Here’s an interesting fact, if you really stretch the definition of the word “interesting.” Team CrunchGear often used the Novatel MiFi during CES to bring you all that great content. The concept is simple: it takes a 3G signal and then outputs that signal via Wi-Fi. You then connect to the Wi-Fi network. Instant broadband, cell signal depending, for everyone. The same concept applies to the MBRN3300, a router that’s the product of a Netgear-Ericsson partnership.
The Wi-Fi outputs at 802.11n, probably faster than what your local 3G signal can sustain (I would guess, not knowing a damn thing about where you live). There’s also four hardwire ports, if that’s how you roll.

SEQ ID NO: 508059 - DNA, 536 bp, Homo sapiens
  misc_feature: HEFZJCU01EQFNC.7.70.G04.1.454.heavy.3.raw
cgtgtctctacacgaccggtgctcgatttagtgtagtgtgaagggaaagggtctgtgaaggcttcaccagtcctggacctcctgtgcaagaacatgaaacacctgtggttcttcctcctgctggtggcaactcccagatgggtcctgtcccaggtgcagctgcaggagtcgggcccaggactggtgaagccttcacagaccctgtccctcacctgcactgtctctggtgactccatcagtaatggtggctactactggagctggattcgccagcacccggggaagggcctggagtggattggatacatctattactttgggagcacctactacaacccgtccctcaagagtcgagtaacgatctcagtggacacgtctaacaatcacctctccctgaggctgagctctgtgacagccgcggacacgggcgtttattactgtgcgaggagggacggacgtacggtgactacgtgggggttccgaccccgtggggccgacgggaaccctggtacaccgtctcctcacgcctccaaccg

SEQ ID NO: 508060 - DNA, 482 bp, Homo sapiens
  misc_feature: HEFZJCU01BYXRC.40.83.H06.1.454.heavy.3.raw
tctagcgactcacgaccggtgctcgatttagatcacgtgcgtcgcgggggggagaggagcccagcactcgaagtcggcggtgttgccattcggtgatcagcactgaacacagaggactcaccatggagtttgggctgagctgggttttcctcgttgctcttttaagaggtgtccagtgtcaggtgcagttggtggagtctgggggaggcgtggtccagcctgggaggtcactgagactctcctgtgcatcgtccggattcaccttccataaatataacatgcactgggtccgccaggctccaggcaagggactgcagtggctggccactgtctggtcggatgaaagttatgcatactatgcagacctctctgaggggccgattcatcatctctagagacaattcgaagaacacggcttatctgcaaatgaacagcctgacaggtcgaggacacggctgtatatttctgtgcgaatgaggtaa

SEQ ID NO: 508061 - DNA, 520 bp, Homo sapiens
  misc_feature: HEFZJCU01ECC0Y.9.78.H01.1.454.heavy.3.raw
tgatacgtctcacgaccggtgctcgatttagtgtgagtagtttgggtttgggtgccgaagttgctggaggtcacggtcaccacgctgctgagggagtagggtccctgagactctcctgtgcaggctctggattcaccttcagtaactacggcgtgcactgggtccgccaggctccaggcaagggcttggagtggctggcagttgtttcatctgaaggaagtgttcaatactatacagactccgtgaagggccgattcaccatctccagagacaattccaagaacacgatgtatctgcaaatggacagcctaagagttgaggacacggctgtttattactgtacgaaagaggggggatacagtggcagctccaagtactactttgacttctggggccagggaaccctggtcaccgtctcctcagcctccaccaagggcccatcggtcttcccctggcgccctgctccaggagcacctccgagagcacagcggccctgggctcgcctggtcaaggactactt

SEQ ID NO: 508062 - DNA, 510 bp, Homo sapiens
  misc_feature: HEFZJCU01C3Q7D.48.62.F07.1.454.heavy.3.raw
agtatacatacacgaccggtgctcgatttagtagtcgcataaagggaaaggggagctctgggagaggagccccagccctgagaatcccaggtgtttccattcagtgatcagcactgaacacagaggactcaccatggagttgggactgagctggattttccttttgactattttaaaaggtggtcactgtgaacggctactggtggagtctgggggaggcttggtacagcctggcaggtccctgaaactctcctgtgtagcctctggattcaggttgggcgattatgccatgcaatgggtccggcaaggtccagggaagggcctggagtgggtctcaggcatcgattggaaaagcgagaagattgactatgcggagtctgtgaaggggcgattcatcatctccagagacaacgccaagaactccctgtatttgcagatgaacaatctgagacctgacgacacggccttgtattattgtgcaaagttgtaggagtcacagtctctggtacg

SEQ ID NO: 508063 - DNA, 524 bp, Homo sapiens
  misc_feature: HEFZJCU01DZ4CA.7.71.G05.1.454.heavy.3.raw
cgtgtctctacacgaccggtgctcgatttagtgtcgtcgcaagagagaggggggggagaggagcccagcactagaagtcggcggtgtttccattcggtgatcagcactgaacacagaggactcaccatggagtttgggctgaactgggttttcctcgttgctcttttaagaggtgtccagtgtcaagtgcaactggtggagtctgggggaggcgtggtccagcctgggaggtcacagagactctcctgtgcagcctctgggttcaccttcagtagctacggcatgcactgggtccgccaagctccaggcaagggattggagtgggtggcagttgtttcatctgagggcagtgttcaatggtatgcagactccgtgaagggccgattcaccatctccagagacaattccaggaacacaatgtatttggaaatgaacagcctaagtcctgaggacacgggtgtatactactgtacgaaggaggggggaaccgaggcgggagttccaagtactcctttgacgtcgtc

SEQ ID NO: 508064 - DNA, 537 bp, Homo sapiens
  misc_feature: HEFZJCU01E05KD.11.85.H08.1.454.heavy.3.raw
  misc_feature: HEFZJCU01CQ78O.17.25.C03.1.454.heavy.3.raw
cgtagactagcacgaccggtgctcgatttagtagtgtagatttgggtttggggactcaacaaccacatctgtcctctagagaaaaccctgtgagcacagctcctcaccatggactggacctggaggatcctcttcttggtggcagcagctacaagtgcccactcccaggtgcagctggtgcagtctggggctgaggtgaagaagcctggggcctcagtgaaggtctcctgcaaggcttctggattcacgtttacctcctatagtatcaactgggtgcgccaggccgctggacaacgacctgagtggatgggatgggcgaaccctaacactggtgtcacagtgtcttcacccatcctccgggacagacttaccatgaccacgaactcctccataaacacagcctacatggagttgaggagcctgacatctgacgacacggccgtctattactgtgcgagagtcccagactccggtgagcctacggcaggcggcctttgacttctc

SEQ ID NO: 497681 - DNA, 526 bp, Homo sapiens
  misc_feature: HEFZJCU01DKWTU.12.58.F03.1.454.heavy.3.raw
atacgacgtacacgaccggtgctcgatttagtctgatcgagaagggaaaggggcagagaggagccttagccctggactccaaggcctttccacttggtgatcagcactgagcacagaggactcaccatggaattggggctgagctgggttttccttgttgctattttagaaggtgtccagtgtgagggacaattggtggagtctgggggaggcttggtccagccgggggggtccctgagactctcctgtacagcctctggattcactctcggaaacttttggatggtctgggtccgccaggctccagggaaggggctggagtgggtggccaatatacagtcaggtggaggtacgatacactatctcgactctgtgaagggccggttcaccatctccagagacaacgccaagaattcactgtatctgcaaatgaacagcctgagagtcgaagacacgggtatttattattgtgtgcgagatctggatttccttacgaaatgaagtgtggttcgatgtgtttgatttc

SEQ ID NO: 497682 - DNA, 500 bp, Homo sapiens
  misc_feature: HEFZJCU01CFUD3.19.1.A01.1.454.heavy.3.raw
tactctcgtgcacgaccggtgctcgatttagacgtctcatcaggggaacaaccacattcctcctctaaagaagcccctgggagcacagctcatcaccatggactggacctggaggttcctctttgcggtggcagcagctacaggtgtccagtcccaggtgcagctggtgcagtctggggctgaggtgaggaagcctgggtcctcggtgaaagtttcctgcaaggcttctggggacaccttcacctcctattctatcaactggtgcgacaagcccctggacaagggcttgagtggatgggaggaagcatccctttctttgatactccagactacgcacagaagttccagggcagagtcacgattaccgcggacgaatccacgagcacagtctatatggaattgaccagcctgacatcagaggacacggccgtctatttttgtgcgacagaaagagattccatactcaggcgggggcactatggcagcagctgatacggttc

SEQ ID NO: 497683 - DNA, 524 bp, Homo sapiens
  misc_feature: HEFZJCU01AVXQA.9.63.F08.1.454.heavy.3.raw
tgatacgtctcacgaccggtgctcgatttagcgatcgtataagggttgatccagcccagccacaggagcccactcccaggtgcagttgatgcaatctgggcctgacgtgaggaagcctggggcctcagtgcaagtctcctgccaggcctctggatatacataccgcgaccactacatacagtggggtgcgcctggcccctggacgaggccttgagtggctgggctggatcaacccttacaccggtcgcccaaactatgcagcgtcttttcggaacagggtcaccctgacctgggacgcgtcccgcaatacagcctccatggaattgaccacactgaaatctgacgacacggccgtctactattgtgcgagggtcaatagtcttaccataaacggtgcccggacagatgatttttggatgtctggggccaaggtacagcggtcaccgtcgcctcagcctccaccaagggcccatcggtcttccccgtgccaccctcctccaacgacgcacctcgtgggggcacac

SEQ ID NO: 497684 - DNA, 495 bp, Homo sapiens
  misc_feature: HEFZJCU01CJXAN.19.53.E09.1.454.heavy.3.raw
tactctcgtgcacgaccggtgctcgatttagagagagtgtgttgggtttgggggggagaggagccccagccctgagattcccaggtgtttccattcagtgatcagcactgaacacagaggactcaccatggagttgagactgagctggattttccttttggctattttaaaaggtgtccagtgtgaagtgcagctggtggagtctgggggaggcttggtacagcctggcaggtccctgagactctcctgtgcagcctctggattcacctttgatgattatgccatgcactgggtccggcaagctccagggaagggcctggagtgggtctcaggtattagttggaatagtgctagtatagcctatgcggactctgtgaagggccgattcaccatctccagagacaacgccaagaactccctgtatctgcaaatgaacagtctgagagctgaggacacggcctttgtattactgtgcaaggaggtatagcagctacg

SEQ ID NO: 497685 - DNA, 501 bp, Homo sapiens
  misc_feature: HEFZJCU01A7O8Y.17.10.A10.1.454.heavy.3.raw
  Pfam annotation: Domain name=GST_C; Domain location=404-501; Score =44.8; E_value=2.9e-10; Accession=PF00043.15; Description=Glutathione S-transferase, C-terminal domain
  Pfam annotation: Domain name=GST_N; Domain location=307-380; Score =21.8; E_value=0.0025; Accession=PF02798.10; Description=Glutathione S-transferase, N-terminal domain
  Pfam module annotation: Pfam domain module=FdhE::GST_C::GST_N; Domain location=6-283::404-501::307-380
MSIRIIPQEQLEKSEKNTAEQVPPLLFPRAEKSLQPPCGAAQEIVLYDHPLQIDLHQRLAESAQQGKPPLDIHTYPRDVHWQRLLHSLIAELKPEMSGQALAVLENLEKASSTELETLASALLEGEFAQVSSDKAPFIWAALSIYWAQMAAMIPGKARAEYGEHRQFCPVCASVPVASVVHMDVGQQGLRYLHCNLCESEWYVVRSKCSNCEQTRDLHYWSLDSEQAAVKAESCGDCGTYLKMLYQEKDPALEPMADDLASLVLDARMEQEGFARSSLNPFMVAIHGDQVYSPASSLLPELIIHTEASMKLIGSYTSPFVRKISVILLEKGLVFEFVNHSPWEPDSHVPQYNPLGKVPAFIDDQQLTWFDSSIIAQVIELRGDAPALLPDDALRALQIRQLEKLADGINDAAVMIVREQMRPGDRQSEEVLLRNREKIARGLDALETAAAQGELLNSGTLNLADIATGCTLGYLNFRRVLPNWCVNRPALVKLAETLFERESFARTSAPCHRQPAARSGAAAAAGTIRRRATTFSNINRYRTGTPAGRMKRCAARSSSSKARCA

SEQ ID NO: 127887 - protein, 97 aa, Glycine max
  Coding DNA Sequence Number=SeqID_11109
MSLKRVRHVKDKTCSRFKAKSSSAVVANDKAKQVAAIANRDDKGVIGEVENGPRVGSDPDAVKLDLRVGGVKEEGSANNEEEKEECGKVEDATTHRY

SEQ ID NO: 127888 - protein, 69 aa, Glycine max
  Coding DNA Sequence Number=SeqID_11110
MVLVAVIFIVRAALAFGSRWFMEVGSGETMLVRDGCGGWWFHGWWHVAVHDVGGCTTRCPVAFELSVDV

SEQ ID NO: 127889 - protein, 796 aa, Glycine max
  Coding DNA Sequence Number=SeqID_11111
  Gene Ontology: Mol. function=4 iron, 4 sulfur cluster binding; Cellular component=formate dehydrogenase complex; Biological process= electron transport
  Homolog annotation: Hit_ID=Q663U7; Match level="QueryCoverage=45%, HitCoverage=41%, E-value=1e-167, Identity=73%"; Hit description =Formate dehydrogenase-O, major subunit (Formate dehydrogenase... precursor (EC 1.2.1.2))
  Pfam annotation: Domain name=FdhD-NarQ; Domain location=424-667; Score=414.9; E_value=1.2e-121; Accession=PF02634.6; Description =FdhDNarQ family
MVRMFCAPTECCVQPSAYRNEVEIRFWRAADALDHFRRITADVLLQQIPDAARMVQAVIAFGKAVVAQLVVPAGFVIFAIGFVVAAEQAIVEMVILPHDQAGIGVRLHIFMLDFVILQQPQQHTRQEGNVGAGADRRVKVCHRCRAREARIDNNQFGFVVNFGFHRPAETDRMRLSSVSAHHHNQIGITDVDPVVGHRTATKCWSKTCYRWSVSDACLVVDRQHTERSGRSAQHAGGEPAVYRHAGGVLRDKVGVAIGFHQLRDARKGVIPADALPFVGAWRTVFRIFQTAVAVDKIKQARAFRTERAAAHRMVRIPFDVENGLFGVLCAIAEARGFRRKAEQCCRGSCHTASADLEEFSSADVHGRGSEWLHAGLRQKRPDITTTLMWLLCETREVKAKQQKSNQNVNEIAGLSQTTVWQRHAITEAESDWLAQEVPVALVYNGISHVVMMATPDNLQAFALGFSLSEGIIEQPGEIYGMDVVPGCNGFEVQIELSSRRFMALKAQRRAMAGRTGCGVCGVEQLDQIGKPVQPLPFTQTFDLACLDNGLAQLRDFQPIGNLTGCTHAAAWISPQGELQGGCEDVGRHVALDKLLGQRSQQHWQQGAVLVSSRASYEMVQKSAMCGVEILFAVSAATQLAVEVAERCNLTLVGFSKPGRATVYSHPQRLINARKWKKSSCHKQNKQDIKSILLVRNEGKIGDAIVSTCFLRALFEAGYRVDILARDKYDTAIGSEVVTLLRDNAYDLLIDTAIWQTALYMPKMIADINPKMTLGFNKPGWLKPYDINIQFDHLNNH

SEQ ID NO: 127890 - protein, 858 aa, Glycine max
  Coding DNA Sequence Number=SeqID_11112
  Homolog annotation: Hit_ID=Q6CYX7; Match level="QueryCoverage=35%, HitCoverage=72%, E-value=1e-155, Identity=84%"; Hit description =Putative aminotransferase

Now, outside of needing a quick-like Internet connection, where else could something like the MBRN3300 be useful? How about this: maybe you have a terrible Internet connection? My uncle, who lives in the middle of nowhere in upstate New York, has the worst Internet connection in the developed world, provided you consider upstate New York to be part of the developed world. It’s Frontier Cable, and his Internet connection is abysmal. It took a solid 30+ minutes to download and install a PS3 firmware update the other day. It’s just a terrible connection, so bad that iChat’s screen sharing is barely usable. We’re talking delays in the tens of seconds between inputting a command and seeing it execute. Anyhow, assuming he even gets a 3G signal there, I could see a 3G-provided Internet signal being far superior to his Frontier-provided Internet connection.
So if you’re actual Internet connection is hot garbage, this type of thing might be worth investigating.